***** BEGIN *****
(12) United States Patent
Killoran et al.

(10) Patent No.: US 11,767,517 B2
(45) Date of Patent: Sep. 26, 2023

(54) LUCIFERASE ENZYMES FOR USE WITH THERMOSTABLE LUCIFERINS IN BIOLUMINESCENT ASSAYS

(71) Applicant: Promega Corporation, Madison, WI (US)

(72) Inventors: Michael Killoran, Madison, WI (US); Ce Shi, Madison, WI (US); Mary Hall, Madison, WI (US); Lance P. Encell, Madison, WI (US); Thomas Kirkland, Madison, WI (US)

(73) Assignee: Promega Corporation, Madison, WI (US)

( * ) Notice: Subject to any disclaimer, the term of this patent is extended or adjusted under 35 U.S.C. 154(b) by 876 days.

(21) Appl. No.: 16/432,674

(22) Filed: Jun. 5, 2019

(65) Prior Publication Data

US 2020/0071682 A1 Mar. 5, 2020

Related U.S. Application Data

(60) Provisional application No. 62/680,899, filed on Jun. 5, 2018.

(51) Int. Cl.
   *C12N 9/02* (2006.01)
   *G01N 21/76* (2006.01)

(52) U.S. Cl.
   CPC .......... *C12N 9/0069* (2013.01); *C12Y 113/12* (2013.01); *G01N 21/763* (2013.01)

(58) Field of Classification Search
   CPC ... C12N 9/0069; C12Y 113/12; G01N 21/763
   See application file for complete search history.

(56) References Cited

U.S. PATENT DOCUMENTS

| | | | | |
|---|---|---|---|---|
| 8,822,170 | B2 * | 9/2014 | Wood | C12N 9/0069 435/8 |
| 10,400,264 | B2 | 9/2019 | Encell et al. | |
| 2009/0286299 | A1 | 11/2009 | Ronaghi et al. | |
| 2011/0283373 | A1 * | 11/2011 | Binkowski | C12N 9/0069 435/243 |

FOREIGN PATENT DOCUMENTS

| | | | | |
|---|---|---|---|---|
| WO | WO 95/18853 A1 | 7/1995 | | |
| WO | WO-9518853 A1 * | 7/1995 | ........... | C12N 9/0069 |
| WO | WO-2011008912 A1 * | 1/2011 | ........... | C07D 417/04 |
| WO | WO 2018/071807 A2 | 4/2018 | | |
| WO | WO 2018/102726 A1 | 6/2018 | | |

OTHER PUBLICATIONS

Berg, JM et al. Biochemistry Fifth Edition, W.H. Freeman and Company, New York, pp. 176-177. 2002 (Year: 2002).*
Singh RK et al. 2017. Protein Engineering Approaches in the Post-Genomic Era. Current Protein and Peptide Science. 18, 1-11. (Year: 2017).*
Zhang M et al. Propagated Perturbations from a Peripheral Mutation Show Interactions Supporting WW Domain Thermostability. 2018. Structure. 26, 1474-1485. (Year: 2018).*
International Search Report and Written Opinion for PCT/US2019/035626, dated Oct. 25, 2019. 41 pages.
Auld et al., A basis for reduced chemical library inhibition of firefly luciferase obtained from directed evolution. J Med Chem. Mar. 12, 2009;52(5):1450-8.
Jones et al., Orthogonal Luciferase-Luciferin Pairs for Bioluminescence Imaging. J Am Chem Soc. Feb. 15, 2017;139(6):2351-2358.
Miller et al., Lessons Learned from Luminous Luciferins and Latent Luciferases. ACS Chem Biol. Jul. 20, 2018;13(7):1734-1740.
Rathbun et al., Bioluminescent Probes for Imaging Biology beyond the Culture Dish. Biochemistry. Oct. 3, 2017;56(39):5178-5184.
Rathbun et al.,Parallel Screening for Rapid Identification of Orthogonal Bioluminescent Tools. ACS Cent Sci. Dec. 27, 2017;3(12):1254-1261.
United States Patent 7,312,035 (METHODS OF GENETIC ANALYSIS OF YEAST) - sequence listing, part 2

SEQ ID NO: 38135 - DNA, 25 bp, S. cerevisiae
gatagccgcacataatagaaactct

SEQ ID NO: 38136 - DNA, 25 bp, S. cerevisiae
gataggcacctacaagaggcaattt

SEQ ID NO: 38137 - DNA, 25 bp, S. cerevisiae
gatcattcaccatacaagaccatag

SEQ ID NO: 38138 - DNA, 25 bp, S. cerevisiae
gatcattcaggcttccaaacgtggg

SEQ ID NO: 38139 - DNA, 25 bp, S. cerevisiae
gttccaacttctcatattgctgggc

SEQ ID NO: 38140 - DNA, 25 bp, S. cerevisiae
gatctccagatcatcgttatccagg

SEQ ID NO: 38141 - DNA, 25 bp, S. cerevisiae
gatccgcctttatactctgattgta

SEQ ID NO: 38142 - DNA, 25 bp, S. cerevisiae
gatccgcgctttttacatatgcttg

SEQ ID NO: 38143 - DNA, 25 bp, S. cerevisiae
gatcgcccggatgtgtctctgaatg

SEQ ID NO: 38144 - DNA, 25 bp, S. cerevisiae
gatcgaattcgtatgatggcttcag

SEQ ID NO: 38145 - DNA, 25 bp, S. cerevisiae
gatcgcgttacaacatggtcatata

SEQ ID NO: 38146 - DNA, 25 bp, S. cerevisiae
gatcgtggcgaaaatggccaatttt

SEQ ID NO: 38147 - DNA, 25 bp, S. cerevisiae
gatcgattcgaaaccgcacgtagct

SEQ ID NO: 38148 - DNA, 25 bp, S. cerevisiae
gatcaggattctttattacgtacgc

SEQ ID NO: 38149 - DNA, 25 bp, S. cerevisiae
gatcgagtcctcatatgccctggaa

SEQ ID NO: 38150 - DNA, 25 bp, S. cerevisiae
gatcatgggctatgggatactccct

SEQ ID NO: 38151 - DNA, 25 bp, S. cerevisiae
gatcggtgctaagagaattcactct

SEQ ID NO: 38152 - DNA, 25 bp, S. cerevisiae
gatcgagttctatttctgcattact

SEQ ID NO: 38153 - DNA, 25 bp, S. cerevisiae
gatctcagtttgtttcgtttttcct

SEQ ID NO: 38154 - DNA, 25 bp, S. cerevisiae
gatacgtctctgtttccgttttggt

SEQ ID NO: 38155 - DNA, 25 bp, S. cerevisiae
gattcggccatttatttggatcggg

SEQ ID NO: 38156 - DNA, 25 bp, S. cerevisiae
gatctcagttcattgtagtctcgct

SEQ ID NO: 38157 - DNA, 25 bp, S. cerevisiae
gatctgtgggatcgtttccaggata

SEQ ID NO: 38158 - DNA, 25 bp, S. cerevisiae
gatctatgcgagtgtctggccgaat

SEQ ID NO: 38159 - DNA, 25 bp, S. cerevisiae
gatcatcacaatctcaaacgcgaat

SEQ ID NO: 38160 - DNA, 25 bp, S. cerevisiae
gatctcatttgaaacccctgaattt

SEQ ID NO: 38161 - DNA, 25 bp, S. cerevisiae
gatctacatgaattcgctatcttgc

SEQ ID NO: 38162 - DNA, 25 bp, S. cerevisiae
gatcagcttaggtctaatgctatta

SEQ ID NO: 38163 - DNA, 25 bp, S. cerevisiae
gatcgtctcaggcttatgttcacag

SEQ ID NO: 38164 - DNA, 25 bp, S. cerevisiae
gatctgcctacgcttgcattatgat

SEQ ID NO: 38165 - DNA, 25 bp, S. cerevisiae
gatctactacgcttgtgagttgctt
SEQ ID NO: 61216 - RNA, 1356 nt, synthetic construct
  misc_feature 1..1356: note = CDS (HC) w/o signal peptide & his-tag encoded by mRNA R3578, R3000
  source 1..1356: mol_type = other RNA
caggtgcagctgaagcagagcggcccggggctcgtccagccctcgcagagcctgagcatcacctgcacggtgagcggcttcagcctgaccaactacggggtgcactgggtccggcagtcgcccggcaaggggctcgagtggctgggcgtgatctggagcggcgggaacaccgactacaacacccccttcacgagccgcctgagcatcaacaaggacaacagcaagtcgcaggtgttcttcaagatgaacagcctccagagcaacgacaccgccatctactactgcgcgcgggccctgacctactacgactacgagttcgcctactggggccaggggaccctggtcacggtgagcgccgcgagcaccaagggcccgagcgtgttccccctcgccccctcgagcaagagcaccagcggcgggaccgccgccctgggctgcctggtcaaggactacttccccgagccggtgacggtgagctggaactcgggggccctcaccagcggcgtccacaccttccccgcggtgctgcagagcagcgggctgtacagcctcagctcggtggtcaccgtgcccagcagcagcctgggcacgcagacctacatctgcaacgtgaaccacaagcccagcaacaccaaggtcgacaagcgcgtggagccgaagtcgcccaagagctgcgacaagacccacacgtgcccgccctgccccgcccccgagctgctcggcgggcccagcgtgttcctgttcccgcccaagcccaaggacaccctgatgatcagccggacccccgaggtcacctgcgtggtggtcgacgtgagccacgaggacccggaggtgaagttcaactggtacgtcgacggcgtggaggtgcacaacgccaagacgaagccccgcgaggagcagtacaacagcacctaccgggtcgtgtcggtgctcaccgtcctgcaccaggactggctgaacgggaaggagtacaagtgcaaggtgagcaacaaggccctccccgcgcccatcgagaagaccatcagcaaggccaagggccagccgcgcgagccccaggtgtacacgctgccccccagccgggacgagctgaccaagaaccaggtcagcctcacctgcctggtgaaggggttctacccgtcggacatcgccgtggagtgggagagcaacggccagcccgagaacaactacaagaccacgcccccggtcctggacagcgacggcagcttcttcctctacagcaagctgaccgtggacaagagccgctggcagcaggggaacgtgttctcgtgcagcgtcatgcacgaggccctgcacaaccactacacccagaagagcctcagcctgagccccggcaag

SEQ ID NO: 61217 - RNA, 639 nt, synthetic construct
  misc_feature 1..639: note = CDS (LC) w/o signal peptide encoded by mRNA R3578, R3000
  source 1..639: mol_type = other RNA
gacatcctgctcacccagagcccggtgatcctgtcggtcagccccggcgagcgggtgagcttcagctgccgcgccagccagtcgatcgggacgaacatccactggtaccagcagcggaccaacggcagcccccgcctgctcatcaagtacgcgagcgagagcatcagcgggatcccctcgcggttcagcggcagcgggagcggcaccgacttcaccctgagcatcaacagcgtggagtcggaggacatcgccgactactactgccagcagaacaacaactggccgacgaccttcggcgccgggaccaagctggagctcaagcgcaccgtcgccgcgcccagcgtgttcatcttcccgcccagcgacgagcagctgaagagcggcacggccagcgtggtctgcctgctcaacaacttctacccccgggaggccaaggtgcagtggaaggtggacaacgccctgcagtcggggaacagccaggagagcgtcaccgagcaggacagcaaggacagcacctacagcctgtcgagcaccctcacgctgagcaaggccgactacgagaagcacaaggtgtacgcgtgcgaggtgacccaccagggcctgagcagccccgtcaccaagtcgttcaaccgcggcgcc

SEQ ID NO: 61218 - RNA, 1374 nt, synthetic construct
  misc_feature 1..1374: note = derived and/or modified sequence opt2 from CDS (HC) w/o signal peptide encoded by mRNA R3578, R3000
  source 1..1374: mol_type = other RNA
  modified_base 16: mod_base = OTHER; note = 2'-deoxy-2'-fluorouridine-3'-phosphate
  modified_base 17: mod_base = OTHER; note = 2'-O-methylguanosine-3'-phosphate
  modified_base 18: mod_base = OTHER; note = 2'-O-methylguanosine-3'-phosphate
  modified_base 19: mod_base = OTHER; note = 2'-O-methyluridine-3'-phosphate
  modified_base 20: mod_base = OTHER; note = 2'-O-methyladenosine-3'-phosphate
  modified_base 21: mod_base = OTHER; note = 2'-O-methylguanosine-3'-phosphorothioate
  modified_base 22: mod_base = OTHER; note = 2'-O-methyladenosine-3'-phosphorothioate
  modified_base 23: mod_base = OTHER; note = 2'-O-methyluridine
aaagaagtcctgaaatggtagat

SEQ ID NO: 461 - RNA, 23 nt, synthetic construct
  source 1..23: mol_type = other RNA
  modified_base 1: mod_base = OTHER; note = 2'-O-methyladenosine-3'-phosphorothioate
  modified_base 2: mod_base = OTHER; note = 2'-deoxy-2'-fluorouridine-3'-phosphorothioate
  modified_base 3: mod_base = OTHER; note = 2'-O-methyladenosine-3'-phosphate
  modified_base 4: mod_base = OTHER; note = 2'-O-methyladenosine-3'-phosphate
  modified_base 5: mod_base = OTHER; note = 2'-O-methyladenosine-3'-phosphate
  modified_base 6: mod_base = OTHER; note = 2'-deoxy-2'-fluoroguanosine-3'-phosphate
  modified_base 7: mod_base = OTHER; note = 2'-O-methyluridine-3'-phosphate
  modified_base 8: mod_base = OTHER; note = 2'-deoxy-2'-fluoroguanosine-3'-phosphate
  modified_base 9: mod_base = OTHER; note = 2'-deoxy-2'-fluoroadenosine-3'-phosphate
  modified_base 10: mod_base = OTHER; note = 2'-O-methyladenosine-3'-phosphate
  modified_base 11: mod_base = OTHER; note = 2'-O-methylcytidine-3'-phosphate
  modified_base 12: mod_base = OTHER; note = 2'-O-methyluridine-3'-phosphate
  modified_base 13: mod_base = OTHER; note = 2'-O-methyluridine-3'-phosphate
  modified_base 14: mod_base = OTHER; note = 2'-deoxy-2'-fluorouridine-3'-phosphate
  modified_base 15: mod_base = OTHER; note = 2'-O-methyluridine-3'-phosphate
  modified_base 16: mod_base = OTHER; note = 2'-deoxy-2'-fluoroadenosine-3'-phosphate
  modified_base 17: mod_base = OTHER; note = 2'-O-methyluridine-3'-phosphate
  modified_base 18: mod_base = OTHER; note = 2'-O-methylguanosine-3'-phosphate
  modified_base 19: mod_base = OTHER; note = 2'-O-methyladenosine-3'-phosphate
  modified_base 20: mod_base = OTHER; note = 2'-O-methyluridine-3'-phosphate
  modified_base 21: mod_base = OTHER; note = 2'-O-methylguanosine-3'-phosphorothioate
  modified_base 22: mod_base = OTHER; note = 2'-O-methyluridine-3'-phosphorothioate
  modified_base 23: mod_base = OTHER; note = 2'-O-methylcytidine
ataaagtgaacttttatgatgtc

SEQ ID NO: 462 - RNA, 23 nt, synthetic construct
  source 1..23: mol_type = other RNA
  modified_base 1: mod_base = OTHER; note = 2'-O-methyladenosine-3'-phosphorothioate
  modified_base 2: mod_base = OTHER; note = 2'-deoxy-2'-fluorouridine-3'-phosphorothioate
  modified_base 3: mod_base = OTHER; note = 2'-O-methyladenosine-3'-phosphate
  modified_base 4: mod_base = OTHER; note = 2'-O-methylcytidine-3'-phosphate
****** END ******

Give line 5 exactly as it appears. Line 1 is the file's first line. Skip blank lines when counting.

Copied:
(54) LUCIFERASE ENZYMES FOR USE WITH THERMOSTABLE LUCIFERINS IN BIOLUMINESCENT ASSAYS